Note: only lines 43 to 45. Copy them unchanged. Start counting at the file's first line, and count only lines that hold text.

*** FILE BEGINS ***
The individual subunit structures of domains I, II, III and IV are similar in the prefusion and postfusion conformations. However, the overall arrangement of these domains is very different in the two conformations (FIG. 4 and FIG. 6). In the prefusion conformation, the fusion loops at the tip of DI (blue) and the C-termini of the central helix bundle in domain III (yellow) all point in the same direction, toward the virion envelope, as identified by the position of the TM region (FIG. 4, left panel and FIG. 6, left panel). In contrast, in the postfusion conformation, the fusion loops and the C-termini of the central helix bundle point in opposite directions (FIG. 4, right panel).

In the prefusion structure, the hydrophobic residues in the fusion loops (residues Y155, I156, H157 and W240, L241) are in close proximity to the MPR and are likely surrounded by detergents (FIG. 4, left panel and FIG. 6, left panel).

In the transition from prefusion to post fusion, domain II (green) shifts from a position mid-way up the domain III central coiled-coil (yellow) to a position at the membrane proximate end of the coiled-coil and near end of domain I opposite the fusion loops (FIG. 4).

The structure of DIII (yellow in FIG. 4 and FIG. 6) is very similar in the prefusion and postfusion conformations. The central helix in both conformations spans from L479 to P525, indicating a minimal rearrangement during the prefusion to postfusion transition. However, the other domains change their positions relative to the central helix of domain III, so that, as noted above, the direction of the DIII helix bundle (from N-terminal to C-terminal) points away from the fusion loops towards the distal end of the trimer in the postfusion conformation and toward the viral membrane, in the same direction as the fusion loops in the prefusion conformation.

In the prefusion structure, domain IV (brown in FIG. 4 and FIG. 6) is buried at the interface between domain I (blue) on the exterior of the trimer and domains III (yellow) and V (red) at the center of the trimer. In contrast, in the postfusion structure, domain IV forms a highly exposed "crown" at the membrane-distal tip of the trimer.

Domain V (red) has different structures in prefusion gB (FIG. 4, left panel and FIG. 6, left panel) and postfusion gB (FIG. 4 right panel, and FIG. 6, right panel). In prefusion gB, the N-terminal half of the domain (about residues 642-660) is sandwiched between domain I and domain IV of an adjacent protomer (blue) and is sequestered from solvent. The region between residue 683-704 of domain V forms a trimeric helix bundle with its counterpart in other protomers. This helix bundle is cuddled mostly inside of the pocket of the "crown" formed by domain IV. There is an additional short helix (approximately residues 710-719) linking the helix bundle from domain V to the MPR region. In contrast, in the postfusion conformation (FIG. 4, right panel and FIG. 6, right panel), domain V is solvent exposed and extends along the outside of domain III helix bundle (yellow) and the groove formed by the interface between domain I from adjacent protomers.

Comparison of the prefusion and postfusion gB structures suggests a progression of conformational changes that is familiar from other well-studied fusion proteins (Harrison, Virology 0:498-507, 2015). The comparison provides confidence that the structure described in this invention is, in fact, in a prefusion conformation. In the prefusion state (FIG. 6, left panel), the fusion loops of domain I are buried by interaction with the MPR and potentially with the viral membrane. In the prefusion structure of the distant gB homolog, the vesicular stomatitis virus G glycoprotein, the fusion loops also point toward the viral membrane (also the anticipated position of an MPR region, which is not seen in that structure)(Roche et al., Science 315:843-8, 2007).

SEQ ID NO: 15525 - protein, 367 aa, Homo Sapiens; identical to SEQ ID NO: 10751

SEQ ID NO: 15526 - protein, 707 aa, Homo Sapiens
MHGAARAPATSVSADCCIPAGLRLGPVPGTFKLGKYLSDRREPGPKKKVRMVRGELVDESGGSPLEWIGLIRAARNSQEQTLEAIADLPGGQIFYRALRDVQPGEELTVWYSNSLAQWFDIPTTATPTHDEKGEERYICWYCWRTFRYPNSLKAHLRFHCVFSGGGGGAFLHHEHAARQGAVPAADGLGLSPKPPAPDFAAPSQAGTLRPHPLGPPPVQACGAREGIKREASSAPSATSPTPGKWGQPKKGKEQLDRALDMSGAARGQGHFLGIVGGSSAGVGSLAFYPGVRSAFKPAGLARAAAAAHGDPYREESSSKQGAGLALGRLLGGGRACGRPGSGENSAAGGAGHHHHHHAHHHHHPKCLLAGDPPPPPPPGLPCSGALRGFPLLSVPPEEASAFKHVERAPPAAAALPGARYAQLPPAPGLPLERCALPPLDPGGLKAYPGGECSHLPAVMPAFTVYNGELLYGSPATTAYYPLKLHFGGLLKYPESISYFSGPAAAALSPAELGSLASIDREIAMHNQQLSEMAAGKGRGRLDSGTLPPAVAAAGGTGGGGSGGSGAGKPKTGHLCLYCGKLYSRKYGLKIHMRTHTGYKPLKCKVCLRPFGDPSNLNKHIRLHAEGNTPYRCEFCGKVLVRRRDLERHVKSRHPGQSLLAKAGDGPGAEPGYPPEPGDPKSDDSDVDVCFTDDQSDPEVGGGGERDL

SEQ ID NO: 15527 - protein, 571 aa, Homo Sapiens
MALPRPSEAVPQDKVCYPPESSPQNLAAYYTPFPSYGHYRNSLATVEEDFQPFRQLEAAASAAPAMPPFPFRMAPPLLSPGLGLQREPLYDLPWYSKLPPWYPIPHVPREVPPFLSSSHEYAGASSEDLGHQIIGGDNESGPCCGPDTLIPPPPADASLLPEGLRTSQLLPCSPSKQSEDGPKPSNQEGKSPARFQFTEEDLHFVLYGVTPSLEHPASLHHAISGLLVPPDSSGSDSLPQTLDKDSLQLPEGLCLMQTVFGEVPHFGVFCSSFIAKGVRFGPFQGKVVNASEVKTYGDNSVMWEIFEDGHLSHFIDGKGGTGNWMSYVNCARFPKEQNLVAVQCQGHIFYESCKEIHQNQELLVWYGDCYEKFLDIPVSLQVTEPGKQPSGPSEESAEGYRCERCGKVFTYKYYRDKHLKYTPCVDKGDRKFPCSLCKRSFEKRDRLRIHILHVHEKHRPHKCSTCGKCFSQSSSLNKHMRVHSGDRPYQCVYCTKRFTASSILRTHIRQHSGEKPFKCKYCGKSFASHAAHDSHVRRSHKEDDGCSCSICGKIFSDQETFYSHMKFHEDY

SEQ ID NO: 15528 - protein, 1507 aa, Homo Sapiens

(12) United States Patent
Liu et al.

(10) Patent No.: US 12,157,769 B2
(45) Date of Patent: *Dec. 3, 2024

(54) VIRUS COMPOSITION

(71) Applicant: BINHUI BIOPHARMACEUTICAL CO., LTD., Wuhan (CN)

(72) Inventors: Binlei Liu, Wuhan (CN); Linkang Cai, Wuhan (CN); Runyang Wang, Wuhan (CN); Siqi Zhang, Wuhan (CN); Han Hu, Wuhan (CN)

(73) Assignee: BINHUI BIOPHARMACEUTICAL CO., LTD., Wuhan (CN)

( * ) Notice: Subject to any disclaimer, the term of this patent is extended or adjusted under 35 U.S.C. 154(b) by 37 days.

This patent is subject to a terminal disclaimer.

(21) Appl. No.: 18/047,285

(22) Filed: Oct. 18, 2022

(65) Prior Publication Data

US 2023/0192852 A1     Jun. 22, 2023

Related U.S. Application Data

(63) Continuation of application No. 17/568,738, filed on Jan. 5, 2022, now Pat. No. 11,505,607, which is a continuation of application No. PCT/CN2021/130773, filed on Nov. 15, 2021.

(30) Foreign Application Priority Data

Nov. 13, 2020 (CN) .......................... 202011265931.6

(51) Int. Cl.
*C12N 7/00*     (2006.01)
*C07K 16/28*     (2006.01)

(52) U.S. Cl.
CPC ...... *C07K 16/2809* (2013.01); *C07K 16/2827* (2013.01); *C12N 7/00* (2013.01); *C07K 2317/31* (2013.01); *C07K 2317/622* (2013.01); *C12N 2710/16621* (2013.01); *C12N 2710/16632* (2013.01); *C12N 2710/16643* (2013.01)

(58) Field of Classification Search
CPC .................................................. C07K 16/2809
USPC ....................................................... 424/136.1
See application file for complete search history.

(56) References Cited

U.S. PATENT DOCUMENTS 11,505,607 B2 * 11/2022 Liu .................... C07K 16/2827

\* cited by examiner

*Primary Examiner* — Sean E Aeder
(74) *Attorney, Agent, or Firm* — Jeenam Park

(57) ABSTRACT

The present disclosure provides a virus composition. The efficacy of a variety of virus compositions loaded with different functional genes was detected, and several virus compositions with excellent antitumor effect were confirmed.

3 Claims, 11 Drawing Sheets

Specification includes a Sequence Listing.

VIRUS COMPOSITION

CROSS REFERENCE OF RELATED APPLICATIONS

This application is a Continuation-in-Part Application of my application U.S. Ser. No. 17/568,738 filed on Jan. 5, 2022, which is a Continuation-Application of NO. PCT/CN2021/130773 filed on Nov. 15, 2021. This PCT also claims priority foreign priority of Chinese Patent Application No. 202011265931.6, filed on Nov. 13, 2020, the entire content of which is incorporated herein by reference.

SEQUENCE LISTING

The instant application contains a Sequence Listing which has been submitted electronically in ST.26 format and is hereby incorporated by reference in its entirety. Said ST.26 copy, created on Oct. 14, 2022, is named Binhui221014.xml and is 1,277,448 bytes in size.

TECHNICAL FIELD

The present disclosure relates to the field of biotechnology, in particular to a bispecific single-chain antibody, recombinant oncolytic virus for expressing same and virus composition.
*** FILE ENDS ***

\* cited by examiner

*Primary Examiner* — Sean E Aeder
(74) *Attorney, Agent, or Firm* — Jeenam Park